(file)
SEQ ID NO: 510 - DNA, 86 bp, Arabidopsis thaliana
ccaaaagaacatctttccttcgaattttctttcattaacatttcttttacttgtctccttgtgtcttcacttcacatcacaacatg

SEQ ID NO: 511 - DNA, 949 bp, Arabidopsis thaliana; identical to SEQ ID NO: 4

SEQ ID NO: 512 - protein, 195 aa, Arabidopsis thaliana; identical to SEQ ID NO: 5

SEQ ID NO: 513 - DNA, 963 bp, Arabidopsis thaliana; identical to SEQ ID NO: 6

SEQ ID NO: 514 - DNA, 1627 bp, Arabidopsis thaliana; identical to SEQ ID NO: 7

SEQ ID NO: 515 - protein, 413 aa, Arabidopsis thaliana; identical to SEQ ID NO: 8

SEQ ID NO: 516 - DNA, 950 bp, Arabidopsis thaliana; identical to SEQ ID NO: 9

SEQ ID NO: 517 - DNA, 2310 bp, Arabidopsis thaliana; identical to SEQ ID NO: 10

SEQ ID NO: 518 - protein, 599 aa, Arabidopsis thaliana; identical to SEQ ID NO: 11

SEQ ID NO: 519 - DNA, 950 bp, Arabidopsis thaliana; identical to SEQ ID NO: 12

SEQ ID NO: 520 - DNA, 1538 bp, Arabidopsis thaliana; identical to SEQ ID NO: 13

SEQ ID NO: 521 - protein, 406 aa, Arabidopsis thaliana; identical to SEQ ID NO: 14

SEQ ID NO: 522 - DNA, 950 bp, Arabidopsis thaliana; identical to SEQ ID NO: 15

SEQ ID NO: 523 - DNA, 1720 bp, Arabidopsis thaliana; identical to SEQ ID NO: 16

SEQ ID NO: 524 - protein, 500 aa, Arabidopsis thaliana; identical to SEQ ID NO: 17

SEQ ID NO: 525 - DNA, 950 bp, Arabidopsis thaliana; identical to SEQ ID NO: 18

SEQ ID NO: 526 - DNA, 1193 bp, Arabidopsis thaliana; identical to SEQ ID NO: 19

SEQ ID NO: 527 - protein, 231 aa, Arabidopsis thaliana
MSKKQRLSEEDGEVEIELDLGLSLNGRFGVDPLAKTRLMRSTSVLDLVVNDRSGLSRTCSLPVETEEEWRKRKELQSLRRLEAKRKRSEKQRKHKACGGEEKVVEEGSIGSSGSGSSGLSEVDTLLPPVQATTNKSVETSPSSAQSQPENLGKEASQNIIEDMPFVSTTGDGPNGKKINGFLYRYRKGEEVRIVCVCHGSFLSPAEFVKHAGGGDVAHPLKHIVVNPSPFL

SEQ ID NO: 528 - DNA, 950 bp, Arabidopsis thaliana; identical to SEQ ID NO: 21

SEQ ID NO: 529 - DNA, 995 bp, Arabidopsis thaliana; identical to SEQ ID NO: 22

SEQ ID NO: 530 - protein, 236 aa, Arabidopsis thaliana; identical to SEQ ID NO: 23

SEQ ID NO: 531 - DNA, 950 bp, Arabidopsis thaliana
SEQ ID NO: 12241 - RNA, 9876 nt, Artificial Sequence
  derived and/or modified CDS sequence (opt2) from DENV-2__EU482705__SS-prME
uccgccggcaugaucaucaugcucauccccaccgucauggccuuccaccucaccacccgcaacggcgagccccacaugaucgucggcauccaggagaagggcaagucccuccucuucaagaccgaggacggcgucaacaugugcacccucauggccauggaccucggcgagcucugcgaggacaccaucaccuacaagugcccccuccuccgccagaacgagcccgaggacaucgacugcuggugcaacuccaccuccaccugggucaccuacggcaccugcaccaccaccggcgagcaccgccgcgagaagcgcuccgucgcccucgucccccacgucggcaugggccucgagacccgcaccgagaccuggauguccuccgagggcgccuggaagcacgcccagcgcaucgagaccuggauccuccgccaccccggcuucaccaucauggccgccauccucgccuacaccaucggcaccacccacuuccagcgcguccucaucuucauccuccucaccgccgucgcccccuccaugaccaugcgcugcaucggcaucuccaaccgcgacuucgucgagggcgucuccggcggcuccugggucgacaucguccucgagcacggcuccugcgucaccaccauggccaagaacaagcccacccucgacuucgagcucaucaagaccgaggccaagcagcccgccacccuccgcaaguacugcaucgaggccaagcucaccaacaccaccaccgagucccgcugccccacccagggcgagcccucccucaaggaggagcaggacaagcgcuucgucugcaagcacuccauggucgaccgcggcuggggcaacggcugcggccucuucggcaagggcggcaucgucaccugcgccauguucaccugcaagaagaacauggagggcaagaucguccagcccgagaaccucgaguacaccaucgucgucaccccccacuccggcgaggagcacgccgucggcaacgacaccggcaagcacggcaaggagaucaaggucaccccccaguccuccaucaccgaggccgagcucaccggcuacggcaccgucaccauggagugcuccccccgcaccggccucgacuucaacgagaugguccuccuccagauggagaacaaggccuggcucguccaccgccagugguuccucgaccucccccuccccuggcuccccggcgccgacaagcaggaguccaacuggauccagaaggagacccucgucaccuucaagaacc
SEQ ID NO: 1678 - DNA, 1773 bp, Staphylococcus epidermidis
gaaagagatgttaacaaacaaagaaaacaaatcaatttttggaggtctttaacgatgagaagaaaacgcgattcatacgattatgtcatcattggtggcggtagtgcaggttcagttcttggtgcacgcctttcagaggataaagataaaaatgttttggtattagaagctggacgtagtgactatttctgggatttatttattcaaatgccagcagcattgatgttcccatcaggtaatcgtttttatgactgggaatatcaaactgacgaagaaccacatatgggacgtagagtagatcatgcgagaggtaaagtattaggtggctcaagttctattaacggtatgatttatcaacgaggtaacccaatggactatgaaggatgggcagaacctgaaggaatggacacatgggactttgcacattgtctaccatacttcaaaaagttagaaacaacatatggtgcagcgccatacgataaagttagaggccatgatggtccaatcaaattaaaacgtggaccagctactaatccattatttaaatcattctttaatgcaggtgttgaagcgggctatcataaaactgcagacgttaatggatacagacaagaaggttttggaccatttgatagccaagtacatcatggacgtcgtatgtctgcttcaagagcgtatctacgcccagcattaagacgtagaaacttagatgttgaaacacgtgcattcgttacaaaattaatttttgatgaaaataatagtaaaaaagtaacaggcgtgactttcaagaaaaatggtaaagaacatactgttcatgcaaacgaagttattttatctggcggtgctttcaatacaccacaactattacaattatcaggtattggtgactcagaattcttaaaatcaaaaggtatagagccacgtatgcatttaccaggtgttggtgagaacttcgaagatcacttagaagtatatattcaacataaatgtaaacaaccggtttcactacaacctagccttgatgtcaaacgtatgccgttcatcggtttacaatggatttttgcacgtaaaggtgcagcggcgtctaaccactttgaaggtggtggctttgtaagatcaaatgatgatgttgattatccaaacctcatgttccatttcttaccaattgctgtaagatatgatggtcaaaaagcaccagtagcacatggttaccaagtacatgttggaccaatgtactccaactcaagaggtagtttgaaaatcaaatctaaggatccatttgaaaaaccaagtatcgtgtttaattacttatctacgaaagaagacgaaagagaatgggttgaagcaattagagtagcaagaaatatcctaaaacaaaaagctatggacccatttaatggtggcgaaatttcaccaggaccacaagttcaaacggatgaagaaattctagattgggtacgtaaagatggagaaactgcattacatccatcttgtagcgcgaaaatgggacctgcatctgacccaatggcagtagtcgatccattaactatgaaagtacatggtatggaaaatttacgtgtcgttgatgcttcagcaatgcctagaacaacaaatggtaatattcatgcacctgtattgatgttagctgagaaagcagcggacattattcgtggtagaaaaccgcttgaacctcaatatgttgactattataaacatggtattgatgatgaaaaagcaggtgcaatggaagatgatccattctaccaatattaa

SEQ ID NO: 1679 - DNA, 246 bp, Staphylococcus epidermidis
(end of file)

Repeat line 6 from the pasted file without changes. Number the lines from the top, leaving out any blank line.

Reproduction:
SEQ ID NO: 514 - DNA, 1627 bp, Arabidopsis thaliana; identical to SEQ ID NO: 7